NASA hopes Earth-bound lasers will reduce Martian commute by 80%
I sometimes moan about my commute, but I’d still rather spend two hours per day on a crowded tube train than six months in a cramped spacecraft making the Mars trip. The difference – well, one of many differences actually, but let’s not split hairs – is that while the technology to get me across London is unlikely to get a significant upgrade (until we get a full set of Hyperloops), space commuting is still in its infancy.
Making spaceships faster would solve a number of issues, aside from astronaut comfort. For one thing, significantly reducing the time to get from A to B would mean fewer resources needed to keep astronauts alive for the trip, making ships lighter. Much of this centres around fuel efficiency, though – if more fuel is required to make spaceships faster, the gains are eaten into thanks to the additional weight.
Enter photonic propulsion, which neatly sidesteps the fuel issue by using the momentum of photons to move a vehicle forward. NASA scientist Philip Lubin explains the system in the video below, but the long and short of it is that giant lasers here on Earth would “push” the spaceship towards its destination, courtesy of a large reflective sail.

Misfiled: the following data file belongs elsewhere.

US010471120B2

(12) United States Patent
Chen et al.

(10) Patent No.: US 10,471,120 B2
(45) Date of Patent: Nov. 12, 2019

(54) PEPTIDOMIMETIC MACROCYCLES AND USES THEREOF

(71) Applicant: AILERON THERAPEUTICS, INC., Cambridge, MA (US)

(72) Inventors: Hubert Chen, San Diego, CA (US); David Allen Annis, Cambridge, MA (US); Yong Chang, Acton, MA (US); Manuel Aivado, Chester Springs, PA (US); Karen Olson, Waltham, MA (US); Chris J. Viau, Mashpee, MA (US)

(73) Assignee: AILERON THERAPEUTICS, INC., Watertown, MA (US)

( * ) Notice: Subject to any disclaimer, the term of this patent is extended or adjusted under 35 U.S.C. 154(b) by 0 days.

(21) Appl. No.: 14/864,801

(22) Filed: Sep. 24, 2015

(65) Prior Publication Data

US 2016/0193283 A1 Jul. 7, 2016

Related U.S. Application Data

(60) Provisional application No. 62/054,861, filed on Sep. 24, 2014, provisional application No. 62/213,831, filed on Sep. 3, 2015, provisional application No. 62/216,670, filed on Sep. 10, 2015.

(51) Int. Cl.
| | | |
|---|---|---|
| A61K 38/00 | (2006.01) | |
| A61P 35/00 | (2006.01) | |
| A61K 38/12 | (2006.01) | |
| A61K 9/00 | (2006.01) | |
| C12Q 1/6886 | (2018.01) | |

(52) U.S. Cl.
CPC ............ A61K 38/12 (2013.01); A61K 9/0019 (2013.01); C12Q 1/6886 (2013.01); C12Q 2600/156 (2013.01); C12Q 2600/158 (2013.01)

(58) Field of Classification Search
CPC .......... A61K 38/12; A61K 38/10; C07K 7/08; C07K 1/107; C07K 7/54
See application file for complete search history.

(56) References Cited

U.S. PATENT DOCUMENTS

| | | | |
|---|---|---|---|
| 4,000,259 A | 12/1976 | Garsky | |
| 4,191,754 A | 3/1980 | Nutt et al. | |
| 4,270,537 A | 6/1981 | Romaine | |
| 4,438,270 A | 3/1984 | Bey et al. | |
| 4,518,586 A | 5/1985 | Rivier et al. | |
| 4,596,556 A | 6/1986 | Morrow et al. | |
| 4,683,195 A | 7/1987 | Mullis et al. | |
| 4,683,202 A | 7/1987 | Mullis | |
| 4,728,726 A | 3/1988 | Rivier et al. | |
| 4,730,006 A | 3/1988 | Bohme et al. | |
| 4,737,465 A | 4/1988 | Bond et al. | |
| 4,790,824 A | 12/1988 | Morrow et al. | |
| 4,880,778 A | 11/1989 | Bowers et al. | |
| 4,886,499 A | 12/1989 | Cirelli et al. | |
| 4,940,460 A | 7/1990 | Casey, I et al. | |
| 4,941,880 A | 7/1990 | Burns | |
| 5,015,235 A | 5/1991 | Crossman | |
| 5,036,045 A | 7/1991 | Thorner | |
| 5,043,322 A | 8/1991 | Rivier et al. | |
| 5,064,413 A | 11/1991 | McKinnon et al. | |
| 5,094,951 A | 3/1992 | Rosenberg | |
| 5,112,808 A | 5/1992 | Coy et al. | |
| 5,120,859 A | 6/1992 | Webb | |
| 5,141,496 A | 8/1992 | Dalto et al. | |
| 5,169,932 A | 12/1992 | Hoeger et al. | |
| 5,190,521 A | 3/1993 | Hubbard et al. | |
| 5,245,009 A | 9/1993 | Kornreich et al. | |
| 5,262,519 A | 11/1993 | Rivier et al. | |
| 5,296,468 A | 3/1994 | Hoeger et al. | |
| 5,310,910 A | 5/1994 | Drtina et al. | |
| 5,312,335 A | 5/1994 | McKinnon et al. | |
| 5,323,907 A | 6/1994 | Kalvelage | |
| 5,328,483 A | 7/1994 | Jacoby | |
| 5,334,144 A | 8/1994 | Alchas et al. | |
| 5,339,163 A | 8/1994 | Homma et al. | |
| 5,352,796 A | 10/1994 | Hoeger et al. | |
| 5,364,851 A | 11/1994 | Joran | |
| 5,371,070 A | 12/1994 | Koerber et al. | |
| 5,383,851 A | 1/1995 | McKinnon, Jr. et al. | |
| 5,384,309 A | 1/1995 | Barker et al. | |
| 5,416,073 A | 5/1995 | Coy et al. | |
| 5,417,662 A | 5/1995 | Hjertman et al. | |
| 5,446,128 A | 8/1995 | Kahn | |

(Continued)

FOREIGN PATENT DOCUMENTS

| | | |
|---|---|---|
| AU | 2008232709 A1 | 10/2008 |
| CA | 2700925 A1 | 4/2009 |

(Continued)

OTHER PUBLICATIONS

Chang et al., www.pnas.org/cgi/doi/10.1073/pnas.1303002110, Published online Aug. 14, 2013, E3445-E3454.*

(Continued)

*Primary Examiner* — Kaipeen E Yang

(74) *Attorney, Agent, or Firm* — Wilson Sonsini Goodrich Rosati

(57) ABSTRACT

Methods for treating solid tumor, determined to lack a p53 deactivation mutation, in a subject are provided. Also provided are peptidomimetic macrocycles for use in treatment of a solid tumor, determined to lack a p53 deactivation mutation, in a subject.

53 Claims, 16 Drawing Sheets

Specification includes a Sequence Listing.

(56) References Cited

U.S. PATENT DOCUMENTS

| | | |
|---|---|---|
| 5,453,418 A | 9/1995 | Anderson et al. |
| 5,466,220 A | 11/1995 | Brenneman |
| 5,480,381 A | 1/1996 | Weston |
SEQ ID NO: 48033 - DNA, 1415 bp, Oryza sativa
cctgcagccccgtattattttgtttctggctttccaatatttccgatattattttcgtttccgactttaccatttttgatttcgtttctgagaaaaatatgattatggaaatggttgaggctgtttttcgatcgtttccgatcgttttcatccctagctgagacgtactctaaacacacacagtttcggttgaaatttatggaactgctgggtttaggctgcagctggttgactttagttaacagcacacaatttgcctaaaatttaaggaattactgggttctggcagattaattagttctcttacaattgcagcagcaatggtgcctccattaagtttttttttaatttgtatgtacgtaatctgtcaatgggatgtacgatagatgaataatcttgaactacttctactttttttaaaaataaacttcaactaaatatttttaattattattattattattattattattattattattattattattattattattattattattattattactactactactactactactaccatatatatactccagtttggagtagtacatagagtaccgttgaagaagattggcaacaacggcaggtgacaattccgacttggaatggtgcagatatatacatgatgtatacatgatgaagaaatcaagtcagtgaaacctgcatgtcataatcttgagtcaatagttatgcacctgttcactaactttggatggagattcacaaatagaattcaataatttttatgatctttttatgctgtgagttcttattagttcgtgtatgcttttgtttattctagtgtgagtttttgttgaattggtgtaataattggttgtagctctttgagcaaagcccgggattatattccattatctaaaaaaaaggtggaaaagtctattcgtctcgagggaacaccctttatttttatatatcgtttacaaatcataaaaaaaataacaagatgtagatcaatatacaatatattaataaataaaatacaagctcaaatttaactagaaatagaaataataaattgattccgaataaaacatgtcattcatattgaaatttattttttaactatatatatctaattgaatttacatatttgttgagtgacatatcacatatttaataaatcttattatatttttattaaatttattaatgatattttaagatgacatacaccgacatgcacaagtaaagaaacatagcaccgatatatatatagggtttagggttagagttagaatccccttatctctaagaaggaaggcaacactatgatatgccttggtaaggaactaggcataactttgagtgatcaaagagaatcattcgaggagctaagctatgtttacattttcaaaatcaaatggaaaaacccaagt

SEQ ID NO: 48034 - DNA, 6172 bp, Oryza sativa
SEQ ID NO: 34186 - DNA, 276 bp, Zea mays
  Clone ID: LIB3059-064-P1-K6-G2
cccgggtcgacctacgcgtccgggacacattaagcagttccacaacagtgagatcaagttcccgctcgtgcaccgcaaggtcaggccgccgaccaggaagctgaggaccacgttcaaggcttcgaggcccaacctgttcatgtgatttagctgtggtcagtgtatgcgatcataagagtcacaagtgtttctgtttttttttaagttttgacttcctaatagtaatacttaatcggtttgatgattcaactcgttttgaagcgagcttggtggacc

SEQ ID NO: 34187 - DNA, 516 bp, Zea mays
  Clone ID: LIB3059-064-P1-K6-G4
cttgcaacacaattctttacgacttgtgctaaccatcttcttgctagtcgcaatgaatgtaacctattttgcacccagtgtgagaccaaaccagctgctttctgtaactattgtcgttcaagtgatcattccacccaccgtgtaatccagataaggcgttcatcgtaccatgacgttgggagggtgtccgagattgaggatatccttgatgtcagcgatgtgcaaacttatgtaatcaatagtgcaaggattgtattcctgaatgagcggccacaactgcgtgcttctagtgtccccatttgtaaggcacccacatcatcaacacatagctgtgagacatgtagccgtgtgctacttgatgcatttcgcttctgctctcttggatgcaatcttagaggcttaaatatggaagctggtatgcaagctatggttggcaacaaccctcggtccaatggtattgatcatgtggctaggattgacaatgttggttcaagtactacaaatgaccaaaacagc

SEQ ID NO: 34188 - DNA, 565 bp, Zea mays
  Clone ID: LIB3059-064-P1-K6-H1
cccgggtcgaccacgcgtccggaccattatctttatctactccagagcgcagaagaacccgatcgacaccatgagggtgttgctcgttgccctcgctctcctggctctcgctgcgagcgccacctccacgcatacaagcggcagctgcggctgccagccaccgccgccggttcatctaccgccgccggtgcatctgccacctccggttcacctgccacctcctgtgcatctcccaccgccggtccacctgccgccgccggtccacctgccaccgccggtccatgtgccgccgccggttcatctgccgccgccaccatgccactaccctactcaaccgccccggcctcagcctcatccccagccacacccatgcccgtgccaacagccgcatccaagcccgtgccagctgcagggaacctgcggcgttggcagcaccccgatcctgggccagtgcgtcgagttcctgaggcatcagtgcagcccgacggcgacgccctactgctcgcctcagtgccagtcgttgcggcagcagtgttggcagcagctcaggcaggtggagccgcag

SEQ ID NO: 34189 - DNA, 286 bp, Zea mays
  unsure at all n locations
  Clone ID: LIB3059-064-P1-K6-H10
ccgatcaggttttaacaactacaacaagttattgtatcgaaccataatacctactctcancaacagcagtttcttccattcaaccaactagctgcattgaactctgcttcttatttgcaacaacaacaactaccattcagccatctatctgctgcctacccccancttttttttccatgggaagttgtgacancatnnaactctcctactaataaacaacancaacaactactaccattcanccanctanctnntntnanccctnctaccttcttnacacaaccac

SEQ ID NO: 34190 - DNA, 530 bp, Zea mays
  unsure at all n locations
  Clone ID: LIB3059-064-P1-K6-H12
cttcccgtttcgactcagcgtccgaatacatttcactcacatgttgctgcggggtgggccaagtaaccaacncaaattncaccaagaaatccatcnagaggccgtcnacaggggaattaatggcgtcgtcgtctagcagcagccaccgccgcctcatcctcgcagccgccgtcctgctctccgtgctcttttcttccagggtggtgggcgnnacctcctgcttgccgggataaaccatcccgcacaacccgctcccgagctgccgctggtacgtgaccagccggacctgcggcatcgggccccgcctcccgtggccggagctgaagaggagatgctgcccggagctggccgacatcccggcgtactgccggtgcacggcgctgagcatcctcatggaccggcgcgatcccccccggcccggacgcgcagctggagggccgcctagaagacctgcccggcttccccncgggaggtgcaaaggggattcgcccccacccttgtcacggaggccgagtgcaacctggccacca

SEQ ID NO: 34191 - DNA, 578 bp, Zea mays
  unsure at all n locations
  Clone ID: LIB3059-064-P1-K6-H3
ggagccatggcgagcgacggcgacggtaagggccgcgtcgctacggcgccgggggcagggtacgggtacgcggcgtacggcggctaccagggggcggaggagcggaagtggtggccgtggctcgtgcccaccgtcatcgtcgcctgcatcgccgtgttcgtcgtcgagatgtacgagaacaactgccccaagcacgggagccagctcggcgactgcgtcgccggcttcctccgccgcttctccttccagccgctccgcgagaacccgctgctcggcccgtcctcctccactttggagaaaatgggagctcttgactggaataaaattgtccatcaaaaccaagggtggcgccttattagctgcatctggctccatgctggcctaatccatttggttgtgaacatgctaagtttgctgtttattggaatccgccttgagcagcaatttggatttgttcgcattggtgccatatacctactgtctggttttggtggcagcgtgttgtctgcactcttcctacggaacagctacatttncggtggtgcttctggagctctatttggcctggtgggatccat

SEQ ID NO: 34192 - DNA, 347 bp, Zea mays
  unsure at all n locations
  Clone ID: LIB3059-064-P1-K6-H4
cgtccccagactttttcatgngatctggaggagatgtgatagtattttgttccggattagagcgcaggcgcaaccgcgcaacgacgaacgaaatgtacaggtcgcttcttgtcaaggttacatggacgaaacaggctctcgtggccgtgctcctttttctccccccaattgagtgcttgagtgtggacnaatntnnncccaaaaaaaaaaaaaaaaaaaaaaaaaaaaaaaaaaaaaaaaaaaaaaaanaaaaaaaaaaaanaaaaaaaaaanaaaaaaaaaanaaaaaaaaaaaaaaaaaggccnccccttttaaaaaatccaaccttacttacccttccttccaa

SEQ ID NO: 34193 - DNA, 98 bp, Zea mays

It’s theoretical for now, but Lubin is pretty bullish about its chances of success, saying: “There are recent advances that take this from science fiction to science reality. There is no known reason why we can not do this.”
NASA agrees, and has awarded Lubin and his team a proof-of-concept grant to demonstrate the potential of photonic propulsion for space travel.
While the upshot of this is that human passengers could get from here to Mars in just a month – chopping five months off of our current speed – the gains for robotic craft are even more impressive. By their calculations, a 100kg robotic craft could be on Mars by the weekend, if it set off today. That’s just three days.
That’s important, because over longer distances it’s even faster, when the spacecraft has extra time to speed up. It could mean that robots could eventually be exploring planets outside of our solar system, even if that jaunt remains a pipedream for humans while we stubbornly continue to inefficiently gobble weighty food and drink.
“The human factor of exploring the nearest stars and exoplanets would be a profound voyage for humanity, one whose non-scientific implications would be enormous,” Lubin writes in his paper. “It is time to begin this inevitable journey beyond our home.”